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May 27, 2010

I’ll be in attendance tweeting on the big LFUCG brew ha ha that Linda and I wrote about yesterday.

Follow here, or use #LFUCG.

KC Crosbie exposing possible corruption on a grand scale at LFUCG (UPDATE)

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May 26, 2010

Remember that accidental tweet I showed you yesterday from Lexington Mayor Jim Newberry’s Chief of Staff, Shaye Raybold?

Well, today I’ve been able to uncover quite a bit that puts that accidental tweet into context.

This tweet was sent out around the same time that Council member KC Crosbie was making this statement to the Council Committee of the Whole:

As you can see, Crosbie is explaining that Lexington’s Director of Risk Management filled out a fraud assessment report in 2008, which was ignored by our city’s auditors. On top of that, Mayor Newberry recently got rid of this same individual by eliminating his position. On top of that, our city’s lawyers will not allow Crosbie or anyone else outside of their circle to even look at the document. This sends Jim Newberry errand boy Doug Martin into a fit of rage, shouting at Crosbie that she shouldn’t have spoken about this in public (nice transparency, Doug). Crosbie stands up for herself and argues that the taxpayers of Lexington need to know about this.

This obviously stinks to high heaven.

Crosbie has been on this for over a month, as she brought up similar questions at the April 27th meeting of this committee. She grilled the city’s external auditors, Mountjoy Chilton Medley, on whistle-blowers reporting fraud within the city government. Who would this get reported to? How many have we had, and who sees them? They assured her that her questions would be answered. By the time of the committee meeting yesterday, they obviously had not.

But wait until you hear what this fraud assessment report was all about. The Kentucky League of Cities.

I’ve learned that the person in question filed this report because of the great concerns he had with the city’s new insurance contract with the Kentucky League of Cities. First, he was concerned about KLC’s performance history and pricing. But more importantly, he threw up major red flags around Bill Hamilton. Yes, the infamous Bill Hamilton. And remember, this was before the Herald Leader’s Linda Blackford turned over the rock at KLC and exposed the culture of out of control spending there.

Our own Director of Risk Assessment sounded the alarm on KLC, and no one listened to him. And then his job was eliminated.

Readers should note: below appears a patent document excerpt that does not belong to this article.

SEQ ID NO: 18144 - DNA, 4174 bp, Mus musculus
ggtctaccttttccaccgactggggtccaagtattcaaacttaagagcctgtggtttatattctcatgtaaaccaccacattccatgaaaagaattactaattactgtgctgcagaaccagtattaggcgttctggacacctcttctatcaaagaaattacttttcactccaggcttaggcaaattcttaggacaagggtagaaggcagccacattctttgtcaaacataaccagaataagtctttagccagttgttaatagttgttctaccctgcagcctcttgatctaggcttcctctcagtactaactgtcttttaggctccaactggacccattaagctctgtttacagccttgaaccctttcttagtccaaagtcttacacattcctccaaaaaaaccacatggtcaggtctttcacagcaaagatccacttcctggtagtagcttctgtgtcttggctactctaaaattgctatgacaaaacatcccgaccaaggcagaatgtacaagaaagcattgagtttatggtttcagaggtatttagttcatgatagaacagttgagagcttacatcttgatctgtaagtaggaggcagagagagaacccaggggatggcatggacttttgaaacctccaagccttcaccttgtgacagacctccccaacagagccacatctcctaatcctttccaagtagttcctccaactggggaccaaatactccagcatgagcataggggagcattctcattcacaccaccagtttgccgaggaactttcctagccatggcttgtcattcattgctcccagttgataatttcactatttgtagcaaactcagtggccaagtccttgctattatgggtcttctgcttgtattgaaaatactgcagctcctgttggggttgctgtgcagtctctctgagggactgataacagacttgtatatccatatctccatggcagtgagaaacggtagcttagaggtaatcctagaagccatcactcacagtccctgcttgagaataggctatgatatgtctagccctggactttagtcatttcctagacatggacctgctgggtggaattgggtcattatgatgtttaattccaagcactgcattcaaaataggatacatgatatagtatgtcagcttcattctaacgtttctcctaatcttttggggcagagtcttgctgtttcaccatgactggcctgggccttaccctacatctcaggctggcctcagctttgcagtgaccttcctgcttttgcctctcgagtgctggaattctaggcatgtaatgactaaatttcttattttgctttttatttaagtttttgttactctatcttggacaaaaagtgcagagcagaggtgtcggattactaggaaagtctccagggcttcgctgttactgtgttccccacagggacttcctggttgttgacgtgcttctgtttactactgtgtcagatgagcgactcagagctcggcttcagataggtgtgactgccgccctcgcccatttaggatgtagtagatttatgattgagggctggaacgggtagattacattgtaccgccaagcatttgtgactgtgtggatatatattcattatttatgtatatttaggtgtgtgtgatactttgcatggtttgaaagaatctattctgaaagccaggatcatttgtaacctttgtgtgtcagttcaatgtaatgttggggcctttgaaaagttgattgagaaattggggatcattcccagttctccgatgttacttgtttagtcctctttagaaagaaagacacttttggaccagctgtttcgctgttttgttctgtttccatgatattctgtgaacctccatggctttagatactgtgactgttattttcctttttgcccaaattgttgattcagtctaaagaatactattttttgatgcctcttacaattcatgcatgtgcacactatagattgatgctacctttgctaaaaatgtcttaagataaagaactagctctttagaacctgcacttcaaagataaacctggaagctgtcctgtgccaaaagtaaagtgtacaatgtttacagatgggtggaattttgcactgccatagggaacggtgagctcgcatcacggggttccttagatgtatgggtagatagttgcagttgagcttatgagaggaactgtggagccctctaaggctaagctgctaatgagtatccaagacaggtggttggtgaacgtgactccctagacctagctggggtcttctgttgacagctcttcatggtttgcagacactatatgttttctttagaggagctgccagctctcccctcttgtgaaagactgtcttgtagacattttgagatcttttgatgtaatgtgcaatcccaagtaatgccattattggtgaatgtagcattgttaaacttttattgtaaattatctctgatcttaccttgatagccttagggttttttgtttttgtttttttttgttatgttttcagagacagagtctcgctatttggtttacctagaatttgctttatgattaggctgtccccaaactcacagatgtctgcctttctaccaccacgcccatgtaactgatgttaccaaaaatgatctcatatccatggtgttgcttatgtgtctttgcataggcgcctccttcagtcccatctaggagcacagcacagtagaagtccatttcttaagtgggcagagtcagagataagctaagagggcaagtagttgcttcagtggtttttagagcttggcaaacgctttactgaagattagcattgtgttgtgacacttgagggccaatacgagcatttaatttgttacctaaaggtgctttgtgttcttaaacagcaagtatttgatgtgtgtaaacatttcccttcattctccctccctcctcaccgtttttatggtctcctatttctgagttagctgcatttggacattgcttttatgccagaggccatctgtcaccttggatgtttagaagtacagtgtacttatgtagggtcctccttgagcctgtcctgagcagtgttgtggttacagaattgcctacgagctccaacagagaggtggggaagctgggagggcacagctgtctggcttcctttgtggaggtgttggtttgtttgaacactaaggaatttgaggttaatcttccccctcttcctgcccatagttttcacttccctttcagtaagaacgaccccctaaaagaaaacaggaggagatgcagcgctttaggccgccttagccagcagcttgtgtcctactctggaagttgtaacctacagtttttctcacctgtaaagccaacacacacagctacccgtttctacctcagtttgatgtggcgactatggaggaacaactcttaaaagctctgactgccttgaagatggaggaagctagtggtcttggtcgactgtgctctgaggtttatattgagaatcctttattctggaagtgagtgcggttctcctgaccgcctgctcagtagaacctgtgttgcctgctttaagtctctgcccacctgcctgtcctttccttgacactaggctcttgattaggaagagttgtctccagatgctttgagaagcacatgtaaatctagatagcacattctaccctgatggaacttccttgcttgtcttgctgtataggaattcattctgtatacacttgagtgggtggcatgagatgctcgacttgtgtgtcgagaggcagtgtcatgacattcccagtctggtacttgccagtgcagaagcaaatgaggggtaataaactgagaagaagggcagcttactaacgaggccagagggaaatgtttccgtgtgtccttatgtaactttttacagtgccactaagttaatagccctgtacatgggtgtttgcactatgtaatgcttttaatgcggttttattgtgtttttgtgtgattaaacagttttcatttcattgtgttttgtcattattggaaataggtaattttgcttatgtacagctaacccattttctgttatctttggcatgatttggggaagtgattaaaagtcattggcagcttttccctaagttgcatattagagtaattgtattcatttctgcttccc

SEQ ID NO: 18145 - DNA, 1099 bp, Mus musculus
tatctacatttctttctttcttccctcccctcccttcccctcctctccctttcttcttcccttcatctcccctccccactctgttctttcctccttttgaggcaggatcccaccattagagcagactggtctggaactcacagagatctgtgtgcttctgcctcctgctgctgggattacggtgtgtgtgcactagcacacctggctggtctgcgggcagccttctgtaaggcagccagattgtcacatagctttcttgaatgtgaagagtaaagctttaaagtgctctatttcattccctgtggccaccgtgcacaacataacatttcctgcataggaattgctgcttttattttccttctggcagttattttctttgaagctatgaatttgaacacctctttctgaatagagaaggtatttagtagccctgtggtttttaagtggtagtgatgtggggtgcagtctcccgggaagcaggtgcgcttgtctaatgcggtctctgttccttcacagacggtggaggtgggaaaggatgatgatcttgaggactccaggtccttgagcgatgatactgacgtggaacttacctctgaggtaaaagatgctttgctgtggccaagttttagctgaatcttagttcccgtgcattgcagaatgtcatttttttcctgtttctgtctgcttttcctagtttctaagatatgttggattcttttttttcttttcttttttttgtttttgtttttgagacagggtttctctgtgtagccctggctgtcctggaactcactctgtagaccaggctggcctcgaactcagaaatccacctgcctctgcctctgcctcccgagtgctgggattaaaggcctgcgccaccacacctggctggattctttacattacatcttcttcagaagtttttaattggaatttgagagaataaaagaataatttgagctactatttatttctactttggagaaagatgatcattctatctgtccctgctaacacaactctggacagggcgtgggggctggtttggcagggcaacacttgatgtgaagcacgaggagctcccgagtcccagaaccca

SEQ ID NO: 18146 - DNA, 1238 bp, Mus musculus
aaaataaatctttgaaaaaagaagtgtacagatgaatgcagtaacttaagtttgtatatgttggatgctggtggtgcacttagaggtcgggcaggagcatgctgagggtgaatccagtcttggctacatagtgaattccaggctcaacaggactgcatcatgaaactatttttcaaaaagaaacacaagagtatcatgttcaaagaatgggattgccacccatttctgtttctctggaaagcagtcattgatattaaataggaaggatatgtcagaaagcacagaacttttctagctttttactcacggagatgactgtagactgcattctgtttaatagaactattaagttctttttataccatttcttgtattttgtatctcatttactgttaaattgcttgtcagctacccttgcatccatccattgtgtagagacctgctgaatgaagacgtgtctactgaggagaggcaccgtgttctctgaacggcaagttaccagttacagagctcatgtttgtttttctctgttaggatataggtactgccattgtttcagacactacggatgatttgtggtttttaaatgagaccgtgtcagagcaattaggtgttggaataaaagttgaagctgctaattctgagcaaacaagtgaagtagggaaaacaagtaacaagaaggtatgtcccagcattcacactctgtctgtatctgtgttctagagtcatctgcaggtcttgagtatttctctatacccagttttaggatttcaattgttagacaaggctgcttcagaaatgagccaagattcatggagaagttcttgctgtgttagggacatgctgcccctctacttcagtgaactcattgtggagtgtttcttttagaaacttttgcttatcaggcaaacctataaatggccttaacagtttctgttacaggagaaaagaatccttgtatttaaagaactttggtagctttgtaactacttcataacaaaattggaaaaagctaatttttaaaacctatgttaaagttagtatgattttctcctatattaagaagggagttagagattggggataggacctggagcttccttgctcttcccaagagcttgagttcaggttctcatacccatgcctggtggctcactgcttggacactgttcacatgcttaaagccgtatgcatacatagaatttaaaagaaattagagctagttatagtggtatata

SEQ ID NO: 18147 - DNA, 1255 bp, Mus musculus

And now? The mayor’s lawyers are threatening him to not release the documents.

Tomorrow at 2:00, there will be a committee meeting that is supposed to discuss this, unless the votes are there to squash it. The three members of the committee are Doug Martin, George Myers and Jim Gray. Jim Gray will hear it, because he continually stands up for transparency with our tax dollars, as he’s shown us time and time again. George Myers will try to squash it. The only question mark is Doug Martin. Though he is an errand boy for Jim Newberry, would he really be willing to squash something of this magnitude, especially as he’s up for election against a teabagger this fall?

Tune in and find out. You haven’t heard the end of this.

UPDATE: Linda Blackford (Mrs. KLC Slayer, herself) now reporting:

But Crosbie wonders whether Johnson’s position is being eliminated under the Mayor’s proposed budget because of the concerns he raised.

“I don’t know because I can’t get a copy of the fraud questionnaire to be able to evaluate whether his report is legitimate,” Crosbie said. “I’m getting the feeling that there’s something in there that the administration doesn’t want the city council to see.”

Susan Straub, a spokeswoman for Mayor Jim Newberry, said: “The reorganization decisions we have made have nothing to do with any complaints any employee has alleged against the government.”

The Herald-Leader obtained a May 19 letter written by Crosbie to Law Commissioner Logan Askew asking why city council members could not get the questionnaire — a document external auditors use to ask employees whether they know of any fraud. At Tuesday’s city council meeting, she repeated her concerns.

The city also denied a Herald-Leader open records request for the fraud risk assessments, saying they were not the property of the city, and belonged instead to the external auditing firm, Kentucky’s Mountjoy Chilton Medley.

Crosbie said the law department hired outside counsel to evaluate whether she could see the questionnaires. Those lawyers told her she could not see them because the council is considered a third party and not directly involved in the confidential nature of the documents.

It’s rarely the crime, but the cover up that gets ya…